How to Inject NestJS Service from another Module

Updated: January 1, 2024 By: Guest Contributor Post a comment


In NestJS, services encapsulate business logic and can be shared across different parts of your application. However, when services are defined in different modules, you need to understand the module dependency injection system to use them. This tutorial will guide you on how to inject a service from one module into another within a NestJS application using the latest syntax and TypeScript best practices.


Before you begin, ensure you have the following installed:

  • Node.js (14.x or later)
  • NestJS CLI
  • TypeScript

Ensure you’re familiar with TypeScript and the basics of NestJS, including modules, controllers, and services (providers).

Creating Your Modules and Services

First, let’s create two modules: UsersModule and OrdersModule. The UsersService from the UsersModule will be injected into the OrdersModule.

nest g module Users
nest g module Orders

nest g service Users
nest g service Orders

Exporting the Service

To be able to use UsersService in OrdersModule, you must first export it in UsersModule.

  providers: [UsersService],
  exports: [UsersService]
export class UsersModule {}

Importing the Module

Next, import UsersModule into OrdersModule to make UsersService available for injection.

  imports: [UsersModule],
  providers: [OrdersService]
export class OrdersModule {}


To inject UsersService into OrdersService, use the @Injectable() decorator and specify the dependency in the constructor.

export class OrdersService {
  constructor(private usersService: UsersService) {}

  // Your methods using usersService here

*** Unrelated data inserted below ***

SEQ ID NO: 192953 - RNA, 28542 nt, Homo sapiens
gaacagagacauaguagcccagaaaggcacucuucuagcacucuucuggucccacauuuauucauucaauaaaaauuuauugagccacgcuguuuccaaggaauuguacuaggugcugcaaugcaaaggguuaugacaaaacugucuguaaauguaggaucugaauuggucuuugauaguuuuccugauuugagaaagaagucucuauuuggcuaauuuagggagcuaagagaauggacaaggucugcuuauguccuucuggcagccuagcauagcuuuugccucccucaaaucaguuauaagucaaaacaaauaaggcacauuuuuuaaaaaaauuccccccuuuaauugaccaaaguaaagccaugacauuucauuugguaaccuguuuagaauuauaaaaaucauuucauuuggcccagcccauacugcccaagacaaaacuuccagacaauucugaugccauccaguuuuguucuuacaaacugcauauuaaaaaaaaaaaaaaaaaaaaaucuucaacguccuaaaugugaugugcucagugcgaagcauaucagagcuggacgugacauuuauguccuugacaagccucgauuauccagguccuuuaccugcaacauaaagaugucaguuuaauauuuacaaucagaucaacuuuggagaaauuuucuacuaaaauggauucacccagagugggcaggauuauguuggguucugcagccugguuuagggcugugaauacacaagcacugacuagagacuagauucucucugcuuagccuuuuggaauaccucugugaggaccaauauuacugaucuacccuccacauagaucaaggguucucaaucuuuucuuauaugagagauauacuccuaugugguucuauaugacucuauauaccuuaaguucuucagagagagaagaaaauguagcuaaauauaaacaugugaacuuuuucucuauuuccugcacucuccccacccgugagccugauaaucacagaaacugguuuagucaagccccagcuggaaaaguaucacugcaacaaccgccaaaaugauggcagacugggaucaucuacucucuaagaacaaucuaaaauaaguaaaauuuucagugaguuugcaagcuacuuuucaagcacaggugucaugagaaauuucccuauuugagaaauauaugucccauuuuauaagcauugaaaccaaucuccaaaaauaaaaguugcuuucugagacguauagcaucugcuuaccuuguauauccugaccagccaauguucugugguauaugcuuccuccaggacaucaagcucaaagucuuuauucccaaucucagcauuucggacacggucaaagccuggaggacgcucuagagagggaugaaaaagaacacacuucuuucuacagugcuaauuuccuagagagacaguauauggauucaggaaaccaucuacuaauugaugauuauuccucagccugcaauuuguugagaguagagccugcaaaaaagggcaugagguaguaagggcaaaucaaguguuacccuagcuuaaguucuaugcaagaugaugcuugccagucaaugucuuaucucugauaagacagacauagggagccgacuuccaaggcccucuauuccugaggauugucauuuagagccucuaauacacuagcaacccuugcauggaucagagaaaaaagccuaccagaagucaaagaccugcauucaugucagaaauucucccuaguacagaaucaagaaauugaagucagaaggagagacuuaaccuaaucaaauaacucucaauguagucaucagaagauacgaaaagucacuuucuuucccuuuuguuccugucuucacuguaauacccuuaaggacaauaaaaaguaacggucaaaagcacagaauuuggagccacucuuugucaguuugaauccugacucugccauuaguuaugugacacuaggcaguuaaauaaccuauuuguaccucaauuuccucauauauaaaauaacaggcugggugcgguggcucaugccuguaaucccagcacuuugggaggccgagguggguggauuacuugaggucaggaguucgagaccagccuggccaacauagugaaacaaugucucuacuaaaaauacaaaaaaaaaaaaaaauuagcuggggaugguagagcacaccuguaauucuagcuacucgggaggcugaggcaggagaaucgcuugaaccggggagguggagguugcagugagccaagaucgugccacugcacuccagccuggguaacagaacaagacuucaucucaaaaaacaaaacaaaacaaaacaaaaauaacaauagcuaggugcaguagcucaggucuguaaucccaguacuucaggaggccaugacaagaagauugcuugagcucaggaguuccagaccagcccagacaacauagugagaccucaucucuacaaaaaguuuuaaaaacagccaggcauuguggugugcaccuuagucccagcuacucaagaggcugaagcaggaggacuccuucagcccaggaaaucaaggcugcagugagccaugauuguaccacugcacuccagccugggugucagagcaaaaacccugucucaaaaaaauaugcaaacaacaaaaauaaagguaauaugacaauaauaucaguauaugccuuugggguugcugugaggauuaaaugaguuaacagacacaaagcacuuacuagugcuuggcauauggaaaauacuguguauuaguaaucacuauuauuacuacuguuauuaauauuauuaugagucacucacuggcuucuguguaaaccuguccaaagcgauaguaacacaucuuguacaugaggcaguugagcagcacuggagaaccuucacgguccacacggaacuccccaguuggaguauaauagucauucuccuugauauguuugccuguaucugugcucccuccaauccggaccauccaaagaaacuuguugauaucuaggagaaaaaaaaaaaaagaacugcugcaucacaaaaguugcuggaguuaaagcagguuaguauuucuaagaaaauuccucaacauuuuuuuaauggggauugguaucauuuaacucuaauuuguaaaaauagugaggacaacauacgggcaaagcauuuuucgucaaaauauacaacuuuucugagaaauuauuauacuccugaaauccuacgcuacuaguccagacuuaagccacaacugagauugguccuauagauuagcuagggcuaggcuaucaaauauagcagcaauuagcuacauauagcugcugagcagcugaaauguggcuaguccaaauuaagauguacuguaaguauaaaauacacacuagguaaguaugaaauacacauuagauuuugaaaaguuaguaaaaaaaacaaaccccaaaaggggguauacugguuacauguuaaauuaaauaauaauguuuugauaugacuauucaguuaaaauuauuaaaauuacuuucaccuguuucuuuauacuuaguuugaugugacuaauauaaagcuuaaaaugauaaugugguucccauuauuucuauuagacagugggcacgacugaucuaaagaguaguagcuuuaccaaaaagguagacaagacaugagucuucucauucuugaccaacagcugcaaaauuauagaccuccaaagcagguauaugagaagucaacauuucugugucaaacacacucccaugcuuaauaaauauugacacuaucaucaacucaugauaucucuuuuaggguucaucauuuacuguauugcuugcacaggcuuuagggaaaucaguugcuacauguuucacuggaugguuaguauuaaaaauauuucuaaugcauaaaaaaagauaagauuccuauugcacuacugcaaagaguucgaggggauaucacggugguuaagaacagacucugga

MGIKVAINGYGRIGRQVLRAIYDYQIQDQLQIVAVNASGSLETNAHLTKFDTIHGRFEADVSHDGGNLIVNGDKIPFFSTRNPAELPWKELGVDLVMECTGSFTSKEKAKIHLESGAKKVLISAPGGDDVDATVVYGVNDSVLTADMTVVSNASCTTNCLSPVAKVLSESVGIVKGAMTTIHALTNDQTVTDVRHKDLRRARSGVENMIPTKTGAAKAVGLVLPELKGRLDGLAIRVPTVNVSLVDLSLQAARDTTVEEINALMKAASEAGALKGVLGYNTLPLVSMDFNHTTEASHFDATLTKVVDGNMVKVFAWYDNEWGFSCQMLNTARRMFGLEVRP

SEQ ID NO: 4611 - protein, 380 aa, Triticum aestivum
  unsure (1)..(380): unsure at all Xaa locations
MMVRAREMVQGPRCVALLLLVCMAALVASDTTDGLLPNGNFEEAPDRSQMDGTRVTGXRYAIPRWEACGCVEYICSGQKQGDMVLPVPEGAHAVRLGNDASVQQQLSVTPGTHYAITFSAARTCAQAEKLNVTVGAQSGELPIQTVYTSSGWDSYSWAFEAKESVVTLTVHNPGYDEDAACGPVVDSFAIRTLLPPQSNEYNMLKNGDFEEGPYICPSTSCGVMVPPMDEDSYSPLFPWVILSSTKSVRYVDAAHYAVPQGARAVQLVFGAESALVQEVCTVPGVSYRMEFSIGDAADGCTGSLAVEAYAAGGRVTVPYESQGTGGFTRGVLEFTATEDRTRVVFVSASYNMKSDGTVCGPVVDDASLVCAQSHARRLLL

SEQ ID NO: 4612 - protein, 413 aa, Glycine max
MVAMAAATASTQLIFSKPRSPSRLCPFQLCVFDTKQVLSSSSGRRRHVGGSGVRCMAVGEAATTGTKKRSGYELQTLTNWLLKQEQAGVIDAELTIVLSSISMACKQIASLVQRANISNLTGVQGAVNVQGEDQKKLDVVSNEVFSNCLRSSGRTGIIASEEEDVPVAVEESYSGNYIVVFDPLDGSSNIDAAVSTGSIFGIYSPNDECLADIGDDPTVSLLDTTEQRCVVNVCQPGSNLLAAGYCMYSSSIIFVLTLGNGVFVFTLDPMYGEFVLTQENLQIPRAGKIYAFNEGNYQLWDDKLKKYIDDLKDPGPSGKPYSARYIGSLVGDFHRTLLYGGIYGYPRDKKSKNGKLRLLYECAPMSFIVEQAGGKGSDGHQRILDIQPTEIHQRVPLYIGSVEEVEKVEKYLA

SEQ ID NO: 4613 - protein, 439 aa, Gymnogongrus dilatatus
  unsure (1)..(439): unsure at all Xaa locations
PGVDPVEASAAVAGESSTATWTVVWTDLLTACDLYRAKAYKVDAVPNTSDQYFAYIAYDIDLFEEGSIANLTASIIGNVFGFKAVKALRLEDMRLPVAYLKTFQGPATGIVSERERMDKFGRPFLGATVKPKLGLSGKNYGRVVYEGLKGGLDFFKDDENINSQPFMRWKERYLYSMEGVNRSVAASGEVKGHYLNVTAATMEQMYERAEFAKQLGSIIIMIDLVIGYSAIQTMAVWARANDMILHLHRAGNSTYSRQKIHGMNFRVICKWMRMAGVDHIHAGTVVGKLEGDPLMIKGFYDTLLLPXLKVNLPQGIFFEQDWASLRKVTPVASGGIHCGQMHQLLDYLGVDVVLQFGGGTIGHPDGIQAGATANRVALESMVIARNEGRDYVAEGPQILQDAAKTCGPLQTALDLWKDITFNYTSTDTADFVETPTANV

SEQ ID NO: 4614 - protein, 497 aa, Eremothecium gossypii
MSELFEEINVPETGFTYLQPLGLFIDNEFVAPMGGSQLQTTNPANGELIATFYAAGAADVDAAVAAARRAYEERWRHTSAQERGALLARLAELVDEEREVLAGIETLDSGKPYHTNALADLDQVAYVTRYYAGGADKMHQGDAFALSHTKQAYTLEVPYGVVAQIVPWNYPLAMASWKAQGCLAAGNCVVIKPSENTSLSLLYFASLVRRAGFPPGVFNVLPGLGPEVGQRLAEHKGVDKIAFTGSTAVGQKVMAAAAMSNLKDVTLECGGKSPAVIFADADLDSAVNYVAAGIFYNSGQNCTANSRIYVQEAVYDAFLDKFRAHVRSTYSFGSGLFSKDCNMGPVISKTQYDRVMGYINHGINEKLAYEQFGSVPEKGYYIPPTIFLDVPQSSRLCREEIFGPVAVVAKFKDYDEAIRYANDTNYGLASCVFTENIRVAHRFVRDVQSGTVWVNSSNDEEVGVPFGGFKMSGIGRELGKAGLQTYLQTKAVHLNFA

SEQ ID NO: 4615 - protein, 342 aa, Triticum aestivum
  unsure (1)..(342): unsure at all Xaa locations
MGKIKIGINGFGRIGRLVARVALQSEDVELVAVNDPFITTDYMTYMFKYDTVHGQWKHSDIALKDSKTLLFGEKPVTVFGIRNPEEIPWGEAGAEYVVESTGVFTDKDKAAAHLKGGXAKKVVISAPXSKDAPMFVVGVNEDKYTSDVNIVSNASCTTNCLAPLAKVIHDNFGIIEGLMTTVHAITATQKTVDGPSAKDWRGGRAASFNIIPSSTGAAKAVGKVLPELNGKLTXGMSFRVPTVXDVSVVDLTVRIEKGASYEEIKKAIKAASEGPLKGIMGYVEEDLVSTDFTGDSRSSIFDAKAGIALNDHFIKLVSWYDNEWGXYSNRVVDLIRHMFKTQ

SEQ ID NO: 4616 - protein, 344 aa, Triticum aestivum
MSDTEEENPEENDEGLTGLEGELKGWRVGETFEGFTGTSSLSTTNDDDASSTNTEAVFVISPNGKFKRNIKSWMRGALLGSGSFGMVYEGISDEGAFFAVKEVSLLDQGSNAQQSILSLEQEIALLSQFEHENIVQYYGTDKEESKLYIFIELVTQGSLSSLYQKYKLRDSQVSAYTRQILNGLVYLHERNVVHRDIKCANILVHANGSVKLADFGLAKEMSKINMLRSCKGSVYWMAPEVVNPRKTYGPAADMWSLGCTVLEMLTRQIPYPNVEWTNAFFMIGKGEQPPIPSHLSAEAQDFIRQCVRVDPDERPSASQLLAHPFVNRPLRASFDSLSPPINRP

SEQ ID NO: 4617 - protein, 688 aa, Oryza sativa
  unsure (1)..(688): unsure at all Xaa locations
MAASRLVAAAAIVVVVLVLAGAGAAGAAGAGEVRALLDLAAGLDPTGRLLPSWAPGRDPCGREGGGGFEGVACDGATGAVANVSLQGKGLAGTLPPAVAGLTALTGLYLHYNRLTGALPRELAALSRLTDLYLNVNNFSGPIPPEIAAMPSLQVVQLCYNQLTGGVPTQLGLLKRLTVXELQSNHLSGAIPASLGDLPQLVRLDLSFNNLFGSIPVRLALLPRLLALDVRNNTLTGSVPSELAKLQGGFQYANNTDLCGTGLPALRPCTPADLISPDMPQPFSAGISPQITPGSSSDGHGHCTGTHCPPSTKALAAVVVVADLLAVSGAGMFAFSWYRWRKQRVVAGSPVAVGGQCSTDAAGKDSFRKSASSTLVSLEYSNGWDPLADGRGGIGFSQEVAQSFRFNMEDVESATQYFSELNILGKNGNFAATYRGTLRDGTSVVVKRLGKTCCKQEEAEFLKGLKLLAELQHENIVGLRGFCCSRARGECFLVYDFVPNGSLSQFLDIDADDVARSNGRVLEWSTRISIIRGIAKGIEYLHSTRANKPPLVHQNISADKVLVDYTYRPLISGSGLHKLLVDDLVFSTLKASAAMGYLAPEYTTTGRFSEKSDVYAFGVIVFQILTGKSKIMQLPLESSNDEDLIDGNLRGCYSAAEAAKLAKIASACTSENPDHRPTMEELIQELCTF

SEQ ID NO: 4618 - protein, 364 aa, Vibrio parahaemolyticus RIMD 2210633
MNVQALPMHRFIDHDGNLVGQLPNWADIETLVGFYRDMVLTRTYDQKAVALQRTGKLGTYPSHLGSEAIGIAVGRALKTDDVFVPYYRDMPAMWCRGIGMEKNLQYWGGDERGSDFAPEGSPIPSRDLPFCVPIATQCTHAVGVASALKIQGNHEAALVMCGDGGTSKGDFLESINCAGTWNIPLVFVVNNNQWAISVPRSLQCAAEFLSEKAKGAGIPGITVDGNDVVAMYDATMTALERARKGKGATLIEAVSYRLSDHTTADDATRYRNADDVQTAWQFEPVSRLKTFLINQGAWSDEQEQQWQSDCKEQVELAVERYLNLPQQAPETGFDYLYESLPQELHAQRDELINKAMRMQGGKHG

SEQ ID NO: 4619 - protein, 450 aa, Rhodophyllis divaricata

Advanced Usage: Custom Providers with Module Ref

For advanced scenarios, you might want to manipulate providers or dynamically provide them. Imagine a scenario where you have different implementations based on certain criteria, and you want the consuming module to decide the actual implementation it requires. Here’s a pattern using ModuleRef to resolve providers dynamically in NestJS.

export class OrdersService {
  private usersService: UsersService;

  constructor(private moduleRef: ModuleRef) {
    this.usersService = this.moduleRef.get(UsersService, { strict: false });

  // Your methods using usersService here

Understanding the Global Module

Sometimes, you might have a service that should be available throughout your application. You can make a module global with the @Global() decorator. This should be used sparingly and only for truly application-wide services.

  providers: [CommonService],
  exports: [CommonService]
export class CommonModule {}

Add the global module to the root module’s imports array, and its services will accessible across the entire application without importing the module in each feature module explicitly.


Understanding service injection across modules is pivotal for structuring your NestJS application effectively. This tutorial covered how to export and import services, advanced dynamic provider techniques with ModuleRef, and leveraging global modules for widespread services. Remember that keeping your modules and providers well-organized will lead to a maintainable and scalable codebase.